Shenzhen, the Chinese border town, is a "special economic zone" and full of people from HK who come over for the day to buy tons of stuff on the cheap.  Also full of western tourists doing the same thing.  Lots of upscale tourists and businessmen.  I got a lot of funny looks as I sat on the bench and ate my sandwich that I had brought from HK. 
At 7:30 I went back to the bus store and sat down to wait.  I got a lot of attention, as there were no other western people anywhere in sight.  I had a whole conversation with a woman who squatted down next to me, using a mixture of Mandarin, hand gestures, and my phrasebook.  I am SO thankful that I took those Mandarin classes - I've used everything I can remember from them, and wish that I had reviewed more, since they were over a year ago.
Anyway, no one had any idea what was going on, or at least they didn't tell me, and at 8:20 (the bus was at 8:30) they told me to pay the rest of the money and get in a van  with two men.  Well, by then I had watched many other passengers go and the woman I was talking to was clearly traveling too, so I knew they were at least somewhat legitimate.  And they did take me to another bus station across town, where they put me on a real bus - and they only charged me an extra 70 yuan (about $8.50) for arranging the whole thing.  Frankly it was worth it cause I never would have found the other station on my own.
The funny thing was they made me take my shoes off when I got in the bus, because it was full of beds!  Three rows of bunk beds, in which I was just small enough to fit.  I got the best seat in the house - top bunk in the front, right in front of the window.  What an experience - that was definitely something I had never seen before!  And they played music videos for the first half hour or so on the TV... did you all know Jackie Chan is a recording artist over here?  At least, I'm pretty sure it was him - and his music videos are so cheesy!
The ride was 12 and a half hours, so I was glad to have a bed.  I awoke to a beautiful pink sunrise over jutting hills and green countryside.  Rural China looks a LOT different from what I've been seeing so far.  People walking huge pigs down the street, bicycles carrying baskets full of chickens, men in cone shaped hats tending to the fields and the rice paddies...
But finally they dropped me in Yangshou, which is unfortunately quite touristy.  I got a good deal on my hotel but got totally taken for a ride (literally, I guess) on the river tour down the Li River.  I think it was inevitable - everyone has to get taken advantage of a few times when they get somewhere new, and now I have learned my lesson.  The tour was nice though... this region is famous for the karst rock formations that jut out everywhere.  They are quite impressive and the scenery is all very beautiful.  The town is laid back, and in the surrounding areas it's definitely still the way it has been for a long, long time.  And also I was able to talk to other travelers who have been here a while and get some useful advice, which made me feel a lot better.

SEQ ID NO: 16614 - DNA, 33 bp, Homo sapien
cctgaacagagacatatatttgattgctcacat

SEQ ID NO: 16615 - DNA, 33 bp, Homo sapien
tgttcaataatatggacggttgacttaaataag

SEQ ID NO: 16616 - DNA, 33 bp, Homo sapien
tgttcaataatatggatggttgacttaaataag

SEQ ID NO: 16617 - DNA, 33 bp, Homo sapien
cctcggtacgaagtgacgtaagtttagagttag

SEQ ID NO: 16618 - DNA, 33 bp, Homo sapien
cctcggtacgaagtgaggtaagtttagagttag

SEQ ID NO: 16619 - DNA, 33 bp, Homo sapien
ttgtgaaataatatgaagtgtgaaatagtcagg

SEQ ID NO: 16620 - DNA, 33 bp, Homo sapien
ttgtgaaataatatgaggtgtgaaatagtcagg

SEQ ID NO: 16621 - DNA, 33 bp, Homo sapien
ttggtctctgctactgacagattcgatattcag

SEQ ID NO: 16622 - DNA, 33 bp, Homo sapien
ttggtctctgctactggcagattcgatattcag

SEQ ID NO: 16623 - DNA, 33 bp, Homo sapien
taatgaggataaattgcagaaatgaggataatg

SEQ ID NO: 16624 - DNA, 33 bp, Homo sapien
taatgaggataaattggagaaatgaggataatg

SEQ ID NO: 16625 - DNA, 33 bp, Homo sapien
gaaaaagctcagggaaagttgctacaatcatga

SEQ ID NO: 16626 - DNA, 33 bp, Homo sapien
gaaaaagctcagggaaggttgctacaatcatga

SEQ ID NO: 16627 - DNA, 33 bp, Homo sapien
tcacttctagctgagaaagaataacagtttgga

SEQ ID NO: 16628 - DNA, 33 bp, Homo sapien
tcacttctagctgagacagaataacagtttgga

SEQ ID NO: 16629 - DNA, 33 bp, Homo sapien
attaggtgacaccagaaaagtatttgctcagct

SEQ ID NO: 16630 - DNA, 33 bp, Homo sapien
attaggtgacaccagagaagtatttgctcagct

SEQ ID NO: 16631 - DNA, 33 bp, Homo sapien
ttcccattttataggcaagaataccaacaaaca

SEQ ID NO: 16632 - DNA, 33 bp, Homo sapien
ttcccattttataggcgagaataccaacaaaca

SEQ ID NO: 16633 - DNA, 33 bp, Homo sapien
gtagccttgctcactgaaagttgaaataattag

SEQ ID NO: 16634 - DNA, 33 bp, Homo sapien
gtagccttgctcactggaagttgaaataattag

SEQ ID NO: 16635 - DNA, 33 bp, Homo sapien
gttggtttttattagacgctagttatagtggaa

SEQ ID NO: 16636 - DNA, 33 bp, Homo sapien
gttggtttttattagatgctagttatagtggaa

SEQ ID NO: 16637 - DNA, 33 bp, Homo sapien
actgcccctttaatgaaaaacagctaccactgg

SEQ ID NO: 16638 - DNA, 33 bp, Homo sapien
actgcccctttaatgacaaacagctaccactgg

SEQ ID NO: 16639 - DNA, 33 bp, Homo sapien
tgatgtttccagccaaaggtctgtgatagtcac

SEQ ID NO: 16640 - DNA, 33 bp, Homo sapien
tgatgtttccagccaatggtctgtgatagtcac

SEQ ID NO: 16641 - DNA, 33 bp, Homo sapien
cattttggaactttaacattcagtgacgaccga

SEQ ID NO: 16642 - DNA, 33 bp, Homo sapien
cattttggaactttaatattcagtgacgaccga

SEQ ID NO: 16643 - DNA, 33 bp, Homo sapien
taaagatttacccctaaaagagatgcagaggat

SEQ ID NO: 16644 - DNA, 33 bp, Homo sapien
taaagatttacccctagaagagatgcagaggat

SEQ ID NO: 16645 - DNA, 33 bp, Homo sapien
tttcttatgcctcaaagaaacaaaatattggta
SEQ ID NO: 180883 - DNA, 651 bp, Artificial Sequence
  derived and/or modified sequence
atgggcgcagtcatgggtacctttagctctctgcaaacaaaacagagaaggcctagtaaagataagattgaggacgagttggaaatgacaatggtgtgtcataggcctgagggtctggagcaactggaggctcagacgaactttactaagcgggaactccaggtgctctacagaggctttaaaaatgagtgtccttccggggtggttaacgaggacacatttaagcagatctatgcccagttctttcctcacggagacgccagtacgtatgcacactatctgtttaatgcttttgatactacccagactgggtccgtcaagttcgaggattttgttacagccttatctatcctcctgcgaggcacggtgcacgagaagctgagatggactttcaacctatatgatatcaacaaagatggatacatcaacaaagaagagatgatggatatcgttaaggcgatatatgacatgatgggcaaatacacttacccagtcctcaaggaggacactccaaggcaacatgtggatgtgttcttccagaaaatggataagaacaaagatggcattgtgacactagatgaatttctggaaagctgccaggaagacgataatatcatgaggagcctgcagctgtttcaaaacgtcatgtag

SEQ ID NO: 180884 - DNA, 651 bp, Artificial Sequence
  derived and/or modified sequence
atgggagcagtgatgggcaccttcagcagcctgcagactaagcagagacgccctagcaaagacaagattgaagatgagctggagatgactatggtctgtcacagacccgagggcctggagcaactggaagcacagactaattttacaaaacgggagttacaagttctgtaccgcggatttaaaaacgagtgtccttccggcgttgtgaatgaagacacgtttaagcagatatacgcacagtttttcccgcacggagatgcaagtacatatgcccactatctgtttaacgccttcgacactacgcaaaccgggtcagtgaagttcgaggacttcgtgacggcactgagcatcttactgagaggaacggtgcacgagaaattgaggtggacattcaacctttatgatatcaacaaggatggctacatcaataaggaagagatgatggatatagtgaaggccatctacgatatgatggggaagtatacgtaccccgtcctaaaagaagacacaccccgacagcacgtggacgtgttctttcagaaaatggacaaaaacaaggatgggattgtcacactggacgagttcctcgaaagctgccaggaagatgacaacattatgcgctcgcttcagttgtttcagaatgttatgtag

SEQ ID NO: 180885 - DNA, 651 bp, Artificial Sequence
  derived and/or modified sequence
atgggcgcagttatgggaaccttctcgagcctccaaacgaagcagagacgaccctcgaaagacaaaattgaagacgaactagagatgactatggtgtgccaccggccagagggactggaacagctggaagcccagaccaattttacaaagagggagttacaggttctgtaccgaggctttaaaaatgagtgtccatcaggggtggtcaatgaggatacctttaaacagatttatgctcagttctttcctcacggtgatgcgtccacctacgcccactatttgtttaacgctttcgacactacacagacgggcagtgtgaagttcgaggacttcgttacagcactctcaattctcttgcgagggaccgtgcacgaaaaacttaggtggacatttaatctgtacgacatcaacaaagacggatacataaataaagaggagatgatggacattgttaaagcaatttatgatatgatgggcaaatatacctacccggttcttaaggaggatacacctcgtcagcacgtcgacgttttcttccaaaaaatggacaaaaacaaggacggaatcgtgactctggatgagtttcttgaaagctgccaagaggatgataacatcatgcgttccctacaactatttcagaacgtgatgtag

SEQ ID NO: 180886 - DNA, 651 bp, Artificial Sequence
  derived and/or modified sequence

So anyway, China so far seems to be quite varied.  It's much more developed than I had realized, though fortunately still quite cheap.  This area is completely different from what I saw yesterday and from Hong Kong, and I'm very curious to see how much more it will change over the coming days.  Don't have a plan yet, but I'll be here in Yangshou at least one more day.
sorry if I'm clogging your inboxes, but hopefully most of you are entertained.  keep in touch...


Sunday, June 18, 2006

Hong Kong - Strangely like New York

I guess it's about time for an update, before I head off into China... Since you last heard from me, I went back to New York and had a crazy week of packing furiously, then a move to storage (with many thanks to Heather, Rachel, Regina, Jeanne, and associated boyfriends), and then lots of work to do before I made a hurried exit on Thursday morning.  I had about 24 hours of travel time through Tokyo to land in Hong Kong Friday night, and I have been staying with Ming Ming's family for the last two days.  They have been way too nice to me and I'm being quite spoiled.  In fact, these first few days are a bit reminiscent of my first few days in Africa - very nice, very air conditioned, and very unlike the rest of my trip, which is what I'm guessing is going to happen starting tomorrow. 
Maybe I'm the only one who didn't realize this, but the majority of the Chinese immigrants in the US, and definitely in New York, are Cantonese - meaning from Hong Kong and the neighboring regions in China.  So basically what that means for me is that Hong Kong is like walking through Chinatown in New York.  They have the same stores, sell the same things, eat the same food, and have the same amount of English available.  In fact, in many ways I feel like I haven't even left New York.  There is even a Times Square and a Mister Softee truck.  It's kind of surreal.  But there's also little differences - the fact that they sell dried out lizards to put in soup and boxes of huge fat black flying insects, also supposedly for soup.  If they have that in Chinatown, I've never seen it!
So anyway, the last couple days I took the Peak Tram up Victoria Peak to get a view of the city, then walked all over downtown Hong Kong, all over Kowloon and up to New Kowloon to see Buddhist and Taoist temples and nunneries. I've also been to several different kinds of markets and to the beach.  I've gone out to eat a few times with Ming Ming's family, and they are trying to show me how things work so I don't look like too much of an idiot in China, which I appreciate, though sometimes I feel like a little child right now.